Nut Ink. Mini reviews of texts old and new. No fuss. No plot spoilers. No adverts. Occasional competency.

Saturday, October 5, 2013

The Incredible Hulk: Planet Hulk Omnibus (2007)

Author: Greg Pak | Illustrators: Carlo Pagulayan / Aaron Lopresti / Michael Avon Oeming / Alex Nino / Marshall Rogers  | Page Count: 384

"I didn't come here for a whisper. I wanna hear you scream."

The best Hulk stories are the ones that don’t rely on the Hulk Smash! clichés as an excuse to litter the page with the detritus of teenage wet dreams involving explosive violence and bloody carnage.  Planet Hulk avoids that for a while but eventually crumbles like a cookie in Hulk’s hand, and there’s so much “Finally. Hulk knows who to smash,” that my brain almost seeped out of my ears trying to get away from what my eyes were forcing it to assimilate.  It’s a great shame because the first half of Book I is bursting with promise, and even delivers upon some of it from time to time.

Prior to the story’s beginnings Hulk’s world is shaken by the realisation (or confirmation) that his ‘friends’ each brandish a back-stabbing knife and share a collective fear of his condition.  Instead of putting extra effort into helping him cope they take the coward’s way out by removing him from their space.

Stranded now on a world torn apart by a tyrannical ruler, the bulging green menace is forced to rely on his wits, and his (*chuckle) people skills.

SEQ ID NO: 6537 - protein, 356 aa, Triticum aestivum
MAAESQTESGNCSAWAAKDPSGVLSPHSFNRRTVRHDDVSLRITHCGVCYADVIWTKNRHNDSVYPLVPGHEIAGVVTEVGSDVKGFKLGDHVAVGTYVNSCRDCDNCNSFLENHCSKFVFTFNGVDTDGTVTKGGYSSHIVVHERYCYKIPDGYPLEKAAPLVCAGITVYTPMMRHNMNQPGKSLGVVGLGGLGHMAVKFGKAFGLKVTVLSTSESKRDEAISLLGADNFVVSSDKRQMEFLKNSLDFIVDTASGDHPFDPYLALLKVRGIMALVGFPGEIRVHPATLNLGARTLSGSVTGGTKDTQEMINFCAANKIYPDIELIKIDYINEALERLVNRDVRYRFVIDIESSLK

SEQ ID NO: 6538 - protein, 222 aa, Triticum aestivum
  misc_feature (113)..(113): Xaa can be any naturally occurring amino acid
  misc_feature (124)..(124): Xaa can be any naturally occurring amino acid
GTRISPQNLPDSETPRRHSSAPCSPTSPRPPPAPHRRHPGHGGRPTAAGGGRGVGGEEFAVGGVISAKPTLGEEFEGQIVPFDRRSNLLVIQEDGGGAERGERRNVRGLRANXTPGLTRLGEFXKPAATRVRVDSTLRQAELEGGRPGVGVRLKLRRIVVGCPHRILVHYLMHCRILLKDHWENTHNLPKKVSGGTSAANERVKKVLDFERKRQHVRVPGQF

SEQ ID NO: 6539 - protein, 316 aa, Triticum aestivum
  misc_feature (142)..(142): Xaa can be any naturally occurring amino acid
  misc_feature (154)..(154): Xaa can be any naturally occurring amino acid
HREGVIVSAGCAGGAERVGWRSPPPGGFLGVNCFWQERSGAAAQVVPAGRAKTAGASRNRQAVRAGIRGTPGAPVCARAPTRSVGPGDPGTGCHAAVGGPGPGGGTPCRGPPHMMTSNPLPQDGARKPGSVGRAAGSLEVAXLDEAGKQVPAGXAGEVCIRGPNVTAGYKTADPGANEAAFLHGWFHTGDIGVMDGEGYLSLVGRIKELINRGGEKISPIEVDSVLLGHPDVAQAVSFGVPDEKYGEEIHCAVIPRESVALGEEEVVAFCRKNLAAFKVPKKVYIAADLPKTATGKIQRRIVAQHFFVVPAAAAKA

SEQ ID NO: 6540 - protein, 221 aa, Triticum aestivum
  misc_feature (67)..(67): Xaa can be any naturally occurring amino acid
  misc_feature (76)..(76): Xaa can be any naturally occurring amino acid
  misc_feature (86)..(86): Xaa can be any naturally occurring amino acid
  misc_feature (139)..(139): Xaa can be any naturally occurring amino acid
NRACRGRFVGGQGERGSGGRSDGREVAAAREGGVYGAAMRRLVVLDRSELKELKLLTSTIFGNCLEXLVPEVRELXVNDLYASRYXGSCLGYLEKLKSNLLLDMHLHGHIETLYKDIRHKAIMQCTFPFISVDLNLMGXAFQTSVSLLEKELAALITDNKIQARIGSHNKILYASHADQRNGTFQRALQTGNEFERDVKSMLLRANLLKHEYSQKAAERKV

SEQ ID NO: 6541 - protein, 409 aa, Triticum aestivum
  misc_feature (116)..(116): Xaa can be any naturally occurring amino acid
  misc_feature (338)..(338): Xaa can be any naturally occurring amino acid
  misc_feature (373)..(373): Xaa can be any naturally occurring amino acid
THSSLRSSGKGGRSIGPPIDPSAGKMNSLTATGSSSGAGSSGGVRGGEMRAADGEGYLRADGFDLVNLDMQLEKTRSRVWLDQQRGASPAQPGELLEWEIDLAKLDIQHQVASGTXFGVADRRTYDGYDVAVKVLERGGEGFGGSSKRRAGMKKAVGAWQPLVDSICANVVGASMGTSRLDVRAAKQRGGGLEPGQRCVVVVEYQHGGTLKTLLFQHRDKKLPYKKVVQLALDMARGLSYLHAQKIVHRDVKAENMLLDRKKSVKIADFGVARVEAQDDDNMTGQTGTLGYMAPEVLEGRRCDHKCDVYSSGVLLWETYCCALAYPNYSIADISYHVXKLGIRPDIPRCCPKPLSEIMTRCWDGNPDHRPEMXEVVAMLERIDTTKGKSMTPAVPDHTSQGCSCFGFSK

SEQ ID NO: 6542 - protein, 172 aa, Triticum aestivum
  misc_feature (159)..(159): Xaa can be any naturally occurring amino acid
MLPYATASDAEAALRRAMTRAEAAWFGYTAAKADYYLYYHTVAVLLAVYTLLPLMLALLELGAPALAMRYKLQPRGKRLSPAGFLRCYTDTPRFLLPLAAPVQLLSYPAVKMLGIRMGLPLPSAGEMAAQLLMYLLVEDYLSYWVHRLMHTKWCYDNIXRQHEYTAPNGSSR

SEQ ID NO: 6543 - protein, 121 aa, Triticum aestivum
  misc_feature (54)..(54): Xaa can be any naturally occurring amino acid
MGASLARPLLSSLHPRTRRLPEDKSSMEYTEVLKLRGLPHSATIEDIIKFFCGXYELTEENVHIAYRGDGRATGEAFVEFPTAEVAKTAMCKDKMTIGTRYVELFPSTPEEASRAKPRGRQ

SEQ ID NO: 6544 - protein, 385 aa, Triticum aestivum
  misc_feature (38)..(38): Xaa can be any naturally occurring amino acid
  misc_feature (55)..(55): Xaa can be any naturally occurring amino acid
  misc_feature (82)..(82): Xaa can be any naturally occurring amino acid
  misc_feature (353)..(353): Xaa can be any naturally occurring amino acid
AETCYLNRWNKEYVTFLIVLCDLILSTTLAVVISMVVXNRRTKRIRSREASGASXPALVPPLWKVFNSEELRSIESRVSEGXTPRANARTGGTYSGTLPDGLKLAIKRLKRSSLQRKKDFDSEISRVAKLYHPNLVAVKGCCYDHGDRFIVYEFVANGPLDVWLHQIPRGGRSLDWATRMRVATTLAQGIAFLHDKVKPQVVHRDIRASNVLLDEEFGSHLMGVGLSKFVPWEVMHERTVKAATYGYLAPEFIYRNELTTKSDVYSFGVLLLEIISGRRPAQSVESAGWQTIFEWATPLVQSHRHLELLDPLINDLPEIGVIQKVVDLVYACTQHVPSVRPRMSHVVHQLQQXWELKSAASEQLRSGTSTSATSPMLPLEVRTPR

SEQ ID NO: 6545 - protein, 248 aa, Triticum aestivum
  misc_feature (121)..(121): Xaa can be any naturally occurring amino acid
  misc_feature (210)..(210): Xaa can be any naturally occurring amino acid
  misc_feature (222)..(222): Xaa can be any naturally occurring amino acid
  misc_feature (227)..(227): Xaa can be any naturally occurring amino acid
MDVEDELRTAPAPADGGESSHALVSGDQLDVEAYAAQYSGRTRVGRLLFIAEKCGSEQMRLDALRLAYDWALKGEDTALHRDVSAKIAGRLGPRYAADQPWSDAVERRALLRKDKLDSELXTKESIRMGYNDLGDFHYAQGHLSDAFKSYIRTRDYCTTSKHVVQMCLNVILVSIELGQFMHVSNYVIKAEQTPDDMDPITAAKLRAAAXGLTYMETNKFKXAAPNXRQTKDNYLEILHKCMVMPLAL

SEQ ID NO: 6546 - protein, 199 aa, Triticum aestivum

For reasons I won’t go into, Hulk is thrust into the role of reluctant leader, which doesn't sit well because he’s not ever been what your boss at work would call a team player.  There’s a large cast of characters woven around his situation, and they exist in a world that’s well fleshed out with its own history and culture.

The strengths of the work lie in the perspectives taken, both literal (the art direction) and in how to view a hero / villain depending on which side of the fence you happen to lie.  In war the enemy is always the villain but both sides are an enemy.  Hulk is a monster but he’s our monster.  His goals are sympathetic to our goals, and our goals are noble because we are noble.  Does that make him more like us, or make us more like him?

When those kinds of questions are raised the story excels.  Unfortunately the chaos overshadows them, and by Book II, when everything turns to shit for the characters, the story suffers.  There’s a deeply emotional moment that knocked me for six but overall by the end of the chaos I felt physically drained by the experience when I should’ve been more emotionally drained.

The book collects together The Incredible Hulk Vol. 2 issues 92 – 105; Giant-Size Hulk vol. 2 issue 1; and ‘Mastermind Excello’ from Amazing Fantasy issue 15.

3 stupid names out of 5

No comments: